Hormone Therapy Less Risky for Menopausal Women than Assumed: New Study

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Is hormone replacement therapy (HRT) worth the risks associated with it? Do its benefits of treating menopause symptoms outweigh the risks? These are the crucial questions right on the top of the minds of women looking to opt for HRT to treat osteoporosis, vaginal dryness, hot flashes, and the like. However, a new research published Tuesday in The Journal of the American Medical Association (JAMA) has a good news for menopausal women. JoAnn E. Manson, a lead author of the study, former North American Menopause Society (NAMS) president, and Harvard Medical School professor, has said hormone therapy had no association with all-cause mortality during the treatment and long-term follow-ups of the trials conducted.

Manson has also said that the findings of the new analysis should give a reassurance of hormone therapy being reasonable for symptomatic women in generally good health while in early menopause.

Menopausal Women and Doctors Reassured about Hormone Therapy

The Women’s Health Initiative hormone therapy trials are part of a randomized study that involved 27, 347 women who took hormone medicine while others were given a placebo. The trials have evaluated the risks and benefits of menopause hormone therapy taken by mainly healthy postmenopausal women to prevent chronic diseases. They tested estrogen plus progestin and estrogen alone–the most common sorts of hormone therapy.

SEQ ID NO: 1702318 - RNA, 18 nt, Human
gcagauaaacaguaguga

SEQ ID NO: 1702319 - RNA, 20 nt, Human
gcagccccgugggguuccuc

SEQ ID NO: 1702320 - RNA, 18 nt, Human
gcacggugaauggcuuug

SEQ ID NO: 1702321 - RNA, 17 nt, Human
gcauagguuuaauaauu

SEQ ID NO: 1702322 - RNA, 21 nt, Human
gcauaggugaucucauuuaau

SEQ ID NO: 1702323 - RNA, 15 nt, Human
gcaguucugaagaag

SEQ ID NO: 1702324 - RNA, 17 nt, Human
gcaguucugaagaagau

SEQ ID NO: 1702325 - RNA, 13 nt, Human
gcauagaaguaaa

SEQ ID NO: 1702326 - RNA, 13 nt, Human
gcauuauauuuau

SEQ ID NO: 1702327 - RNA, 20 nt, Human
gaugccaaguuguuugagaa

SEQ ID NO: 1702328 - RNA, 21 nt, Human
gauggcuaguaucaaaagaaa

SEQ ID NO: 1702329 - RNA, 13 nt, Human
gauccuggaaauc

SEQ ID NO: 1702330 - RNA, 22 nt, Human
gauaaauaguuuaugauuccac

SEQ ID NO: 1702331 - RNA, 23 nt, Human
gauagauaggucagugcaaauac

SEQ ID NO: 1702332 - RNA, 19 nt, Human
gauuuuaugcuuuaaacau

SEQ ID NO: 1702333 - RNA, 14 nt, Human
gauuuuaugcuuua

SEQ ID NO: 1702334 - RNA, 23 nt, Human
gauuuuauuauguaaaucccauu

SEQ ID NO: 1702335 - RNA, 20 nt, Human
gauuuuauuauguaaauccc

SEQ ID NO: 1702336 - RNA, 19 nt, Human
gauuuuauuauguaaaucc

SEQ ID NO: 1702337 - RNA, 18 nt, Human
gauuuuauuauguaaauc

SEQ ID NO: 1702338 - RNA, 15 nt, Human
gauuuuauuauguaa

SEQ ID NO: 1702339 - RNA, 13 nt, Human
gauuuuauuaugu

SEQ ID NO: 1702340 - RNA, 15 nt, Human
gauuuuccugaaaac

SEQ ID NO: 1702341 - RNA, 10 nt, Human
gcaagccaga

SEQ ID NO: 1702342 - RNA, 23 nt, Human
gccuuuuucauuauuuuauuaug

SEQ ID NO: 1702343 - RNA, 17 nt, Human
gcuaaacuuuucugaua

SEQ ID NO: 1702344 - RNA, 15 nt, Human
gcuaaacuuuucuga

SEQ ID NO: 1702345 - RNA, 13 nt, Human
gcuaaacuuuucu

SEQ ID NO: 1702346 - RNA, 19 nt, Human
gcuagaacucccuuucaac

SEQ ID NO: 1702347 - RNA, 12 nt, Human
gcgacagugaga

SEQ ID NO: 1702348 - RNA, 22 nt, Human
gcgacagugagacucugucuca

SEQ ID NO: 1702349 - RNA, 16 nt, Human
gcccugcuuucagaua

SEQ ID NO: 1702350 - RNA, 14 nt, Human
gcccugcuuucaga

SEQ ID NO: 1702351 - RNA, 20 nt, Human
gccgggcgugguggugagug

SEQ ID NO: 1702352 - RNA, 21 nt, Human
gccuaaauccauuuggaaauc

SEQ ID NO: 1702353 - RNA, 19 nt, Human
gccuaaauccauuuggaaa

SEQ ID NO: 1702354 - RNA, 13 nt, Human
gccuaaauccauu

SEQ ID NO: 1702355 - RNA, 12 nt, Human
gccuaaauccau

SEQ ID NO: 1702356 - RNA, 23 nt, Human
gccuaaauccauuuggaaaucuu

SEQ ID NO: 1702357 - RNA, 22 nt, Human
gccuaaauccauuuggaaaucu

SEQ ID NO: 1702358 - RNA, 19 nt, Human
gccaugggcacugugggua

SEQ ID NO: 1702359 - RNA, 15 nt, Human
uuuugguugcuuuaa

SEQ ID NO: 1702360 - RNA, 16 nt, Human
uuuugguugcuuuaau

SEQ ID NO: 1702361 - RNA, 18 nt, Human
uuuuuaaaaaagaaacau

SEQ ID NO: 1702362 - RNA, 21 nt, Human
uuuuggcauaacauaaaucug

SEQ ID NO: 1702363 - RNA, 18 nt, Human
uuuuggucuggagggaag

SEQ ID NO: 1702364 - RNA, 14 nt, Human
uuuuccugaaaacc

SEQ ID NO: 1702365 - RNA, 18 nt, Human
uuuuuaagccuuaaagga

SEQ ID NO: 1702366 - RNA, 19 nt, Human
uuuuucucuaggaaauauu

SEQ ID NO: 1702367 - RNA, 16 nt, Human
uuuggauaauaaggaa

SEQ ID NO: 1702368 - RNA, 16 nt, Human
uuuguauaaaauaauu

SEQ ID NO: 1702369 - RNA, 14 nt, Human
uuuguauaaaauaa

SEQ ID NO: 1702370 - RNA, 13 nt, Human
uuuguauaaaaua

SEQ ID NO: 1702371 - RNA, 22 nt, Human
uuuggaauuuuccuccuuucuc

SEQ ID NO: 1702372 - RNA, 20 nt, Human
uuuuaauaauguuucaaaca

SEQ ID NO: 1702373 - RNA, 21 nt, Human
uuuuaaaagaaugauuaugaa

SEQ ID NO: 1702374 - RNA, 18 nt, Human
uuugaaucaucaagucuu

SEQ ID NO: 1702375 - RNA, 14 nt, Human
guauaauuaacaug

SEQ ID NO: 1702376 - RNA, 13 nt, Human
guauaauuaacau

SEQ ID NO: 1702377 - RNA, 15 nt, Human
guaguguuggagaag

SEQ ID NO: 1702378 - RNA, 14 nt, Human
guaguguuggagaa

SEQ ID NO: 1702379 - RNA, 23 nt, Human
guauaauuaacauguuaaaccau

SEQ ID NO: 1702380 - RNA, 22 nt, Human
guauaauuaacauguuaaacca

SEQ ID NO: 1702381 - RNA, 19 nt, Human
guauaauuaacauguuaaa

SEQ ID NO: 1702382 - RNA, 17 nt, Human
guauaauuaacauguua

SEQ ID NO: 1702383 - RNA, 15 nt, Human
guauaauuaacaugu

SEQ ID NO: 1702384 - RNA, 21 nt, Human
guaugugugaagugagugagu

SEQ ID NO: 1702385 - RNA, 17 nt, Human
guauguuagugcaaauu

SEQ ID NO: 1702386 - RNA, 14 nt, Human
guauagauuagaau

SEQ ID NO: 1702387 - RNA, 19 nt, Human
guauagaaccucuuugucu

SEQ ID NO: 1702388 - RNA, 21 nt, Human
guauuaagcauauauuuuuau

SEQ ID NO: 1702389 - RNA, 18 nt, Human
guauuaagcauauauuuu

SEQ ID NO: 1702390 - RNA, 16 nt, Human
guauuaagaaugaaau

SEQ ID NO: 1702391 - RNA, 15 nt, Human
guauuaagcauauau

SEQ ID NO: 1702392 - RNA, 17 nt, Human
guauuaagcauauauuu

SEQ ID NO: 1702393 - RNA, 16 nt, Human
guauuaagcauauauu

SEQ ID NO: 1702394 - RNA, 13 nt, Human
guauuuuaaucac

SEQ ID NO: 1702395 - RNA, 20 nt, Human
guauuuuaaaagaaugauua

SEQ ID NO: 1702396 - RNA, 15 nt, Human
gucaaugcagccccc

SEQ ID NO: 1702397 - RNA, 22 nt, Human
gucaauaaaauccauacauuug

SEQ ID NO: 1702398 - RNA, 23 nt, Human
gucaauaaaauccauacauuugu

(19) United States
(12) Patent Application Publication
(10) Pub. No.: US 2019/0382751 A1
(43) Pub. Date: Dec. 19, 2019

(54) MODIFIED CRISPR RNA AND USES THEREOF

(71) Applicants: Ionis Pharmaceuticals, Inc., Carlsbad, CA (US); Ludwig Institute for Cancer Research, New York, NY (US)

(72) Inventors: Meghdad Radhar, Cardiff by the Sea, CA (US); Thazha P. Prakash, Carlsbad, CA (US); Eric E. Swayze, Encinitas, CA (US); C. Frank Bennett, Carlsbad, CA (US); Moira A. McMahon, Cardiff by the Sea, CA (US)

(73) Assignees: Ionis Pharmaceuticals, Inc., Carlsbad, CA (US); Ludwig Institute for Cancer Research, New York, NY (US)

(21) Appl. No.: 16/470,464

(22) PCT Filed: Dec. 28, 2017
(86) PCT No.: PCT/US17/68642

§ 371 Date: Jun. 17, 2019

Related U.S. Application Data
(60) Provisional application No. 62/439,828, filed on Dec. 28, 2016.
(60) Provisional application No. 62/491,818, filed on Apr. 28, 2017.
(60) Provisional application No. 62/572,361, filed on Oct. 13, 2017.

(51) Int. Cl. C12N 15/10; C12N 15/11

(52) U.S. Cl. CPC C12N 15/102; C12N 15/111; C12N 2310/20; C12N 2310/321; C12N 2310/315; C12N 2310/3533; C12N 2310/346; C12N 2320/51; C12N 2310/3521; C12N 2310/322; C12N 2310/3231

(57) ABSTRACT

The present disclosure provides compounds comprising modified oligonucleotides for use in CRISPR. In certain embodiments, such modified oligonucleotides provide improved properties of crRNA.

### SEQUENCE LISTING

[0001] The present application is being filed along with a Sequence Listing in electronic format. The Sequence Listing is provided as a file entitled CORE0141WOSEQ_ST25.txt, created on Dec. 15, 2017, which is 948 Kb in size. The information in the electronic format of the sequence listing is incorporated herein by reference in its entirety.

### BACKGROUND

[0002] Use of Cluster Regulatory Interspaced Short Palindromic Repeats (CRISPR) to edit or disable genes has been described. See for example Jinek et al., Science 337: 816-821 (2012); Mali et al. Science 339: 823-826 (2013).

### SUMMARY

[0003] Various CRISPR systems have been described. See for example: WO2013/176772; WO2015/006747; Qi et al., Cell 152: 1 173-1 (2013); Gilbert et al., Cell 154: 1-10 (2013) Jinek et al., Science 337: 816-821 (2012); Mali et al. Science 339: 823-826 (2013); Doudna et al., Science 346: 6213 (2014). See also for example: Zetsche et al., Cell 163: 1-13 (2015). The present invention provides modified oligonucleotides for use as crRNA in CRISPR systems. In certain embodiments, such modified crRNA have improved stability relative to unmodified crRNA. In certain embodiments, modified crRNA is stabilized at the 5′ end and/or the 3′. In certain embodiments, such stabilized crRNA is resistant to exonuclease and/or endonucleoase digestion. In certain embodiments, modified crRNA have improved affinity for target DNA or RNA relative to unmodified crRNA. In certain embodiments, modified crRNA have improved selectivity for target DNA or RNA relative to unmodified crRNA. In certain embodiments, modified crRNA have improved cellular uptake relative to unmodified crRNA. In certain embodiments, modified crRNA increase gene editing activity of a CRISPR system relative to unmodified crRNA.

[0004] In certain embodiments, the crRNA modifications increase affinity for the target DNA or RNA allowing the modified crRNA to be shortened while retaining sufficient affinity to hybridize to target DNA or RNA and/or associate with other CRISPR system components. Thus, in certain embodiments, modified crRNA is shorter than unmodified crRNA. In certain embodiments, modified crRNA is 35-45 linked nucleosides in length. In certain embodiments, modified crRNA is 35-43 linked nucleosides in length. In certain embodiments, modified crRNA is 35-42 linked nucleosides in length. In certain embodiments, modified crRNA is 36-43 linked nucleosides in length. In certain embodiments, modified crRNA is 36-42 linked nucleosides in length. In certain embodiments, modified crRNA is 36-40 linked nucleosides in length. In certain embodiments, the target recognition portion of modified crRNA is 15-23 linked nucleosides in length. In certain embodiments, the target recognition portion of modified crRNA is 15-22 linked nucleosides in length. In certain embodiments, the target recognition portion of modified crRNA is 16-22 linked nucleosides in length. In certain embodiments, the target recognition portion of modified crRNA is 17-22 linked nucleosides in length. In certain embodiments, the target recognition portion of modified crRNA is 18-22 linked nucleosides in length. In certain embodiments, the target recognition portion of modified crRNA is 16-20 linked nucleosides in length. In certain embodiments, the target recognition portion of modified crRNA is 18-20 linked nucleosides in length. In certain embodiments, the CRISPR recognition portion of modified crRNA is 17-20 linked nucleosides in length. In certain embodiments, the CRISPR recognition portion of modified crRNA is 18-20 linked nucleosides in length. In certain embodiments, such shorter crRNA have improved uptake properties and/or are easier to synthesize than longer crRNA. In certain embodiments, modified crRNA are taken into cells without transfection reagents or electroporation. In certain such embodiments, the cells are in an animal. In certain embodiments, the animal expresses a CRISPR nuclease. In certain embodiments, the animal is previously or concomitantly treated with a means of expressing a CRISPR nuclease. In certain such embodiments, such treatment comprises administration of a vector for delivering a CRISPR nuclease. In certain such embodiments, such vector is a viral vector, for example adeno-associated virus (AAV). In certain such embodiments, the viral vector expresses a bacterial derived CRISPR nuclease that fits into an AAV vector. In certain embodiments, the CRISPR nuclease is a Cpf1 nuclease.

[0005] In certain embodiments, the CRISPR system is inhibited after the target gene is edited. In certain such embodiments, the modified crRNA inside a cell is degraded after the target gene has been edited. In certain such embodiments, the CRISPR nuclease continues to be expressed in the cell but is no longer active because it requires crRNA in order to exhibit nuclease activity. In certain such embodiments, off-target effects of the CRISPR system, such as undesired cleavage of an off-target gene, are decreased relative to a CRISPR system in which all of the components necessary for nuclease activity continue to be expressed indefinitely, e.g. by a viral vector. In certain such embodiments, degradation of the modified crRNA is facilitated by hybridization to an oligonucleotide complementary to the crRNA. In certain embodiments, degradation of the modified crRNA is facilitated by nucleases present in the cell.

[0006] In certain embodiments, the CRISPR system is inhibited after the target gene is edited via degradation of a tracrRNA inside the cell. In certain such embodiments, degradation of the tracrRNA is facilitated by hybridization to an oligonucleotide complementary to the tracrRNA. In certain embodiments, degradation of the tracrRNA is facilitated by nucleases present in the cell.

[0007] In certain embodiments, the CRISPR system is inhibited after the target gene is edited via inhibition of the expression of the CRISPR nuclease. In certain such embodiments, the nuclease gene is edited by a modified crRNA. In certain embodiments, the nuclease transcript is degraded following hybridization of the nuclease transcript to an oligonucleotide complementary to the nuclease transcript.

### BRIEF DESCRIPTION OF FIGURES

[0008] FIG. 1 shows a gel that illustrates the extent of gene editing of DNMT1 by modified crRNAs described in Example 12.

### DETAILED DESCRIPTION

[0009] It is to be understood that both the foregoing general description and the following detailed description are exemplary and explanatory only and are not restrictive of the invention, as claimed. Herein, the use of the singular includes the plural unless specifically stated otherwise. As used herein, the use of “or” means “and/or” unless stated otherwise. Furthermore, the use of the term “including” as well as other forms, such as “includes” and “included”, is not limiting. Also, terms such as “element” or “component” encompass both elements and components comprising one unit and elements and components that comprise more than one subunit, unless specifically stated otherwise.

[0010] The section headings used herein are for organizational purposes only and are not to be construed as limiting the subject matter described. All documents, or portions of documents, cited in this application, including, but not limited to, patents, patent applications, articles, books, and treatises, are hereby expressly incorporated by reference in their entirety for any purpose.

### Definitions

The postmenopausal participants were 63 years old on an average at enrollment. The effect of treatment was explored between five to seven years along with 18 years of collective follow-up. The trials then explained how mortality rate was affected by hormone therapy. Alzheimer’s disease and other dementia deaths were considerably lower in participants who were given estrogen-alone than those given a placebo during the follow-up of 18 years.

NAMS director, Joann Pinkerton has said that the group does not recommend restricting hormone therapy to the shortest duration or lowest dose but finding the most suitable one for each woman. Pinkerton further said that there are fresher treatments available with potentially low risk of stroke or blood clots, such as transdermal patches.

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